Media Release 28 November 2012
The disruption to businesses and industries being caused particularly by mass consumerisation of IT is also affecting technology leaders. What is needed is for technology leaders to move up the influence curve.
That’s a main finding of a new report based on interviews with 60 influential business leaders.
Key executives from almost every sector including banking, telecommunications, resources and government participated in The Donovan Leadership Big Kahuna Leadership Survey.*
Donovan Leadership director, Brian Donovan, said that supporting technology leaders to move up the influence curve will give businesses a competitive edge.
“The report shows that consumers now have significant computing power at their fingertips and they are using it in new and unexpected ways.
“They are influencing company reputations through social media, collaborating in unprecedented ways and driving changes in business models along the way,” he said.
“The Big Kahunas (60 business leaders) highlighted a tipping point which occurred about two years ago with the introduction of the iPad.
“Everyday consumers have spending and buying power. This is also changing the rules for technology leaders and bringing with it massive upheaval. The power has shifted. It’s no longer about centralised business control of IT direction. Consumers and device manufacturers now have much more say.
“Technology leaders need to get closer to the business drivers and the markets they serve. There’s a shift that technology leaders need to make to expand their influence. Companies are seeking good advice about their digital strategy to capture the opportunities of this new world.”
The Donovan Leadership report cites an IBIS World white paper predicting that 15 industry classes risk future failure unless they adapt and innovate, to support the view that businesses and industries are being massively disrupted.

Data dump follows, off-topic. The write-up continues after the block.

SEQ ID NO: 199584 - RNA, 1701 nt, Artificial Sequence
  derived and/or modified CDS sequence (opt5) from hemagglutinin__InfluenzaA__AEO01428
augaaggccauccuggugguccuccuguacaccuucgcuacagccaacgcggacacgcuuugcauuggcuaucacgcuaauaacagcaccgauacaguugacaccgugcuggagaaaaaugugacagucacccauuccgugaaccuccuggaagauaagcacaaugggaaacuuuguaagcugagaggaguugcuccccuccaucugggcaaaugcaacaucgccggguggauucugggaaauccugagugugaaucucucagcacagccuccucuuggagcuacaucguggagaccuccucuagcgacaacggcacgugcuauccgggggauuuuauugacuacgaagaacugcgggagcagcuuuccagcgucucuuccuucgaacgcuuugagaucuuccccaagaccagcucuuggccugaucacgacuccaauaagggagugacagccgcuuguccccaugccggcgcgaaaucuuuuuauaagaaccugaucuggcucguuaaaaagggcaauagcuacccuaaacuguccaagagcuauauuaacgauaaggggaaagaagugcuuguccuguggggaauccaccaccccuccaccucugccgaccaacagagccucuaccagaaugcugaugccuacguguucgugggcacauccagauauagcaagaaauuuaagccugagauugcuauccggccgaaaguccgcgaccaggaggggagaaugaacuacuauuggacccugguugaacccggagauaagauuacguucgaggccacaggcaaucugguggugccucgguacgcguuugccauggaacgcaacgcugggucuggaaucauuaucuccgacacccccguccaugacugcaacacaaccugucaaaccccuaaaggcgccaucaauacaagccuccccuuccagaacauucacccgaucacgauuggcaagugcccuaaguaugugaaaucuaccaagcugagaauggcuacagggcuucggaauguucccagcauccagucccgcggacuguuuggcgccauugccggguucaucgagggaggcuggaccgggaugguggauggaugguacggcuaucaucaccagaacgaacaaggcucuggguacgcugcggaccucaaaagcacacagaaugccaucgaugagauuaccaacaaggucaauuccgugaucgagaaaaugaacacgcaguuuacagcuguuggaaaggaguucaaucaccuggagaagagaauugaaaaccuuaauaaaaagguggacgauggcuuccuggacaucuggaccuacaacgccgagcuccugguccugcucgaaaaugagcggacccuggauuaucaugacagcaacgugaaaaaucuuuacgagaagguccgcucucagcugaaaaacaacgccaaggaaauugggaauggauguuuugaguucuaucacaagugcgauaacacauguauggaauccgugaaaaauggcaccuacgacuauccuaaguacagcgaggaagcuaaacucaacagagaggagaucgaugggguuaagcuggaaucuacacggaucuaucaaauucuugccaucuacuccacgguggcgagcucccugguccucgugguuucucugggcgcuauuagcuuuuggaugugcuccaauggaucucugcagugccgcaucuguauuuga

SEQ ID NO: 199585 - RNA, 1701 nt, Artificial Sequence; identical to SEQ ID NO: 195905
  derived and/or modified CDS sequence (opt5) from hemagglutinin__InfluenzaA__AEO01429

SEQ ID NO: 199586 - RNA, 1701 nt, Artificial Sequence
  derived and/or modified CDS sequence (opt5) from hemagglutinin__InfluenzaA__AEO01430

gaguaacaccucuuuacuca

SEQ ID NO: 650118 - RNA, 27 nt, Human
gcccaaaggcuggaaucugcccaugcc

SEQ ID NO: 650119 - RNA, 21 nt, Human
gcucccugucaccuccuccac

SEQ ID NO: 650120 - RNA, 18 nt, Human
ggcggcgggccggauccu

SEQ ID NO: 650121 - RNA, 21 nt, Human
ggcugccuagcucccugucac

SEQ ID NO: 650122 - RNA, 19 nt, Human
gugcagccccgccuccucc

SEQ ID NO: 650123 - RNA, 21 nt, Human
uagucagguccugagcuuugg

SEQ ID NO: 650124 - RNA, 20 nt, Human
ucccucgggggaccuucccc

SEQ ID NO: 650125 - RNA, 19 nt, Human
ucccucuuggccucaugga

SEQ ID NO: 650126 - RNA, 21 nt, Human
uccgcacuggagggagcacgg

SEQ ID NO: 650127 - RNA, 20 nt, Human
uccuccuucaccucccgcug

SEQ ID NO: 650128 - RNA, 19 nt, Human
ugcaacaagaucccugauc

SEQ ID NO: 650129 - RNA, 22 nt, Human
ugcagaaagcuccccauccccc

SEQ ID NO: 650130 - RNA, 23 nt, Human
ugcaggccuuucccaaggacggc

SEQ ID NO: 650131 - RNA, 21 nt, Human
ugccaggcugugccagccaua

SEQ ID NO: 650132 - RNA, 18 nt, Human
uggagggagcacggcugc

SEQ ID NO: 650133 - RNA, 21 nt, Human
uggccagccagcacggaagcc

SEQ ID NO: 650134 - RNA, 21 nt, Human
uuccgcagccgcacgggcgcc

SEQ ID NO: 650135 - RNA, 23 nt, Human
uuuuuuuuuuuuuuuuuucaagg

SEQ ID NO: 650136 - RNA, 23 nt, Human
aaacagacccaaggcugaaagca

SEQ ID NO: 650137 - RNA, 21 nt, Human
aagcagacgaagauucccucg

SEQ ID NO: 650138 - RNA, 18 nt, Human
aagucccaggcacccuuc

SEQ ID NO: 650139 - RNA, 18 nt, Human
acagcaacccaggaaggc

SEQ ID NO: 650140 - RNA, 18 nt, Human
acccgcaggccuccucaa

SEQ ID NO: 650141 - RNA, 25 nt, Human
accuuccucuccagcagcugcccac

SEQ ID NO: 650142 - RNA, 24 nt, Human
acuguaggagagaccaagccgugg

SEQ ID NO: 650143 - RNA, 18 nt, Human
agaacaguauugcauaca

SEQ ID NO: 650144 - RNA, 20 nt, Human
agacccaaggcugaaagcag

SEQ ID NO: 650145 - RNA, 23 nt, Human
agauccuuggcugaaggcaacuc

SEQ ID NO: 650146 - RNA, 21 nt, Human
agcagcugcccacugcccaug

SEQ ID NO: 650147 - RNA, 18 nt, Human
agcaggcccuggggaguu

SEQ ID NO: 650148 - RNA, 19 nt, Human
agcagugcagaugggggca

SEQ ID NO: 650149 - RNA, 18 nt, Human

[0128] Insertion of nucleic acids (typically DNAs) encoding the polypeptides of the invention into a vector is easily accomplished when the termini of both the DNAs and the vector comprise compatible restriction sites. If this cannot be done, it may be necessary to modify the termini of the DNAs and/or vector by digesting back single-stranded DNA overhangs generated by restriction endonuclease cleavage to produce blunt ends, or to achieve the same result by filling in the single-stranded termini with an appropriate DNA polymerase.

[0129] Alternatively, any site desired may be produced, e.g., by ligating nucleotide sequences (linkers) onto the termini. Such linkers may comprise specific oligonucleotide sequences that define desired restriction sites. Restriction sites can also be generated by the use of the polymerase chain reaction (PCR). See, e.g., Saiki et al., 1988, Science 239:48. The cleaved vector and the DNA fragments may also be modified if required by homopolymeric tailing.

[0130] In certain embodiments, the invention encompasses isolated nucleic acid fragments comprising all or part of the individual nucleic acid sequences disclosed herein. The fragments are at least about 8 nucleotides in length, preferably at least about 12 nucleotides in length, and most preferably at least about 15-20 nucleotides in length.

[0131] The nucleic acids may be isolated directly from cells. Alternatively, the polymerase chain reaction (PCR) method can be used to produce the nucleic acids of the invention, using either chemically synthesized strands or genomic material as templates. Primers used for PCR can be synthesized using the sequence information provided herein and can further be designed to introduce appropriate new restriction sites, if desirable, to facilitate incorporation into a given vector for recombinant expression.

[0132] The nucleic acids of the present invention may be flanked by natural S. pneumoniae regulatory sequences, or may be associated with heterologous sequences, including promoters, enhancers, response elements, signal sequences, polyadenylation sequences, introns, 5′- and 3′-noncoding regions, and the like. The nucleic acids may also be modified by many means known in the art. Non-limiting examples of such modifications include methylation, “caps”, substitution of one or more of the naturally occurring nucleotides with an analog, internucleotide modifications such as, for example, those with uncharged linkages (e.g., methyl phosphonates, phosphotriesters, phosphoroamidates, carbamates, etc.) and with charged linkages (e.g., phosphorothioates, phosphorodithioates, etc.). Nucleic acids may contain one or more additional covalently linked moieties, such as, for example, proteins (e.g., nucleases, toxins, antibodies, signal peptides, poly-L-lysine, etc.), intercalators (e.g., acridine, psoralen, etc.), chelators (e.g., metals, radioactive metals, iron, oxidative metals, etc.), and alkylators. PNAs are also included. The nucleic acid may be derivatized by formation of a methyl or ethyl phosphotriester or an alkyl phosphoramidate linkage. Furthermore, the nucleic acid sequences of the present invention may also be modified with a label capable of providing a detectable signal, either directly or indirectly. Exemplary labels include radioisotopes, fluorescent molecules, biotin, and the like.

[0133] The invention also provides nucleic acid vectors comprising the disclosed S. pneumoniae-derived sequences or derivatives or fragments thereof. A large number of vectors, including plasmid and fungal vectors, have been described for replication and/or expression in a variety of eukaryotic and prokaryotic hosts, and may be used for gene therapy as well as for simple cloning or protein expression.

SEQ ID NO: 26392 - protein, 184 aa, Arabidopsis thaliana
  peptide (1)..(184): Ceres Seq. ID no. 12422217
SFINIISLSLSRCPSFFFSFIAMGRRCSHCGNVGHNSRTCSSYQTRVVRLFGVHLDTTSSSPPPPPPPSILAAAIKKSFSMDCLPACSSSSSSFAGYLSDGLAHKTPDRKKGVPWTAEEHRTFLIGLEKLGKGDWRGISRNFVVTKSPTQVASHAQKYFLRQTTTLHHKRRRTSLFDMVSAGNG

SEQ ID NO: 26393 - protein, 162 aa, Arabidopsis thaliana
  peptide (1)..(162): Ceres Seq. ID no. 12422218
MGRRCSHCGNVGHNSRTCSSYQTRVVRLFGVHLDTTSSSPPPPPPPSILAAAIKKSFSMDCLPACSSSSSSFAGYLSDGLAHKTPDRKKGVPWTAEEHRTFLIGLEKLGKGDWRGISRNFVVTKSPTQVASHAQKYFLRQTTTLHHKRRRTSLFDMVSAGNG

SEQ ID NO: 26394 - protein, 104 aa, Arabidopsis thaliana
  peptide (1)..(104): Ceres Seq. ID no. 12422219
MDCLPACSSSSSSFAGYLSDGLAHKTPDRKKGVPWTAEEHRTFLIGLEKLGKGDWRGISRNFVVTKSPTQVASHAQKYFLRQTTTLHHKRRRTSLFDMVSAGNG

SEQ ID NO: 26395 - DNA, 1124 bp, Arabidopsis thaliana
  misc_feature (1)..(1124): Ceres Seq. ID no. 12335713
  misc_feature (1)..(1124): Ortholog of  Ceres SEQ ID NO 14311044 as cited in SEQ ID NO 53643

Donovan added: “What is clear from the survey is that technology leaders are themselves being forced to refocus. Technology leaders need to broaden their business and people skills as well as maintaining their grasp of technology. That will enable them to embrace the new era of consumer power. They will consequently also need to give up the level of centralised control they once exercised.
“In summary, 21st century technology leaders need to add to their repertoire to move up the influence curve. Technology leaders need to expand their influence on several fronts. They need to be able to influence company digital strategy, boards and senior executives, as well as their business colleagues, customers, suppliers and their own matrix teams.
Gerry Moriarty, Senior Communications Industry Adviser for Macquarie Capital and survey participant said: “As the speed of technological change continues to increase and its impact widens, the Donovan Leadership Big Kahuna survey provides a valuable insight into the challenges faced by companies and technologists to remain relevant and for executives and managers to keep informed and influential.”
* The Big Kahuna survey purpose is to ensure that Australian industries are better prepared to capture technology opportunities critical for business survival and economic growth. The report can be viewed at www.donovanleadership.com
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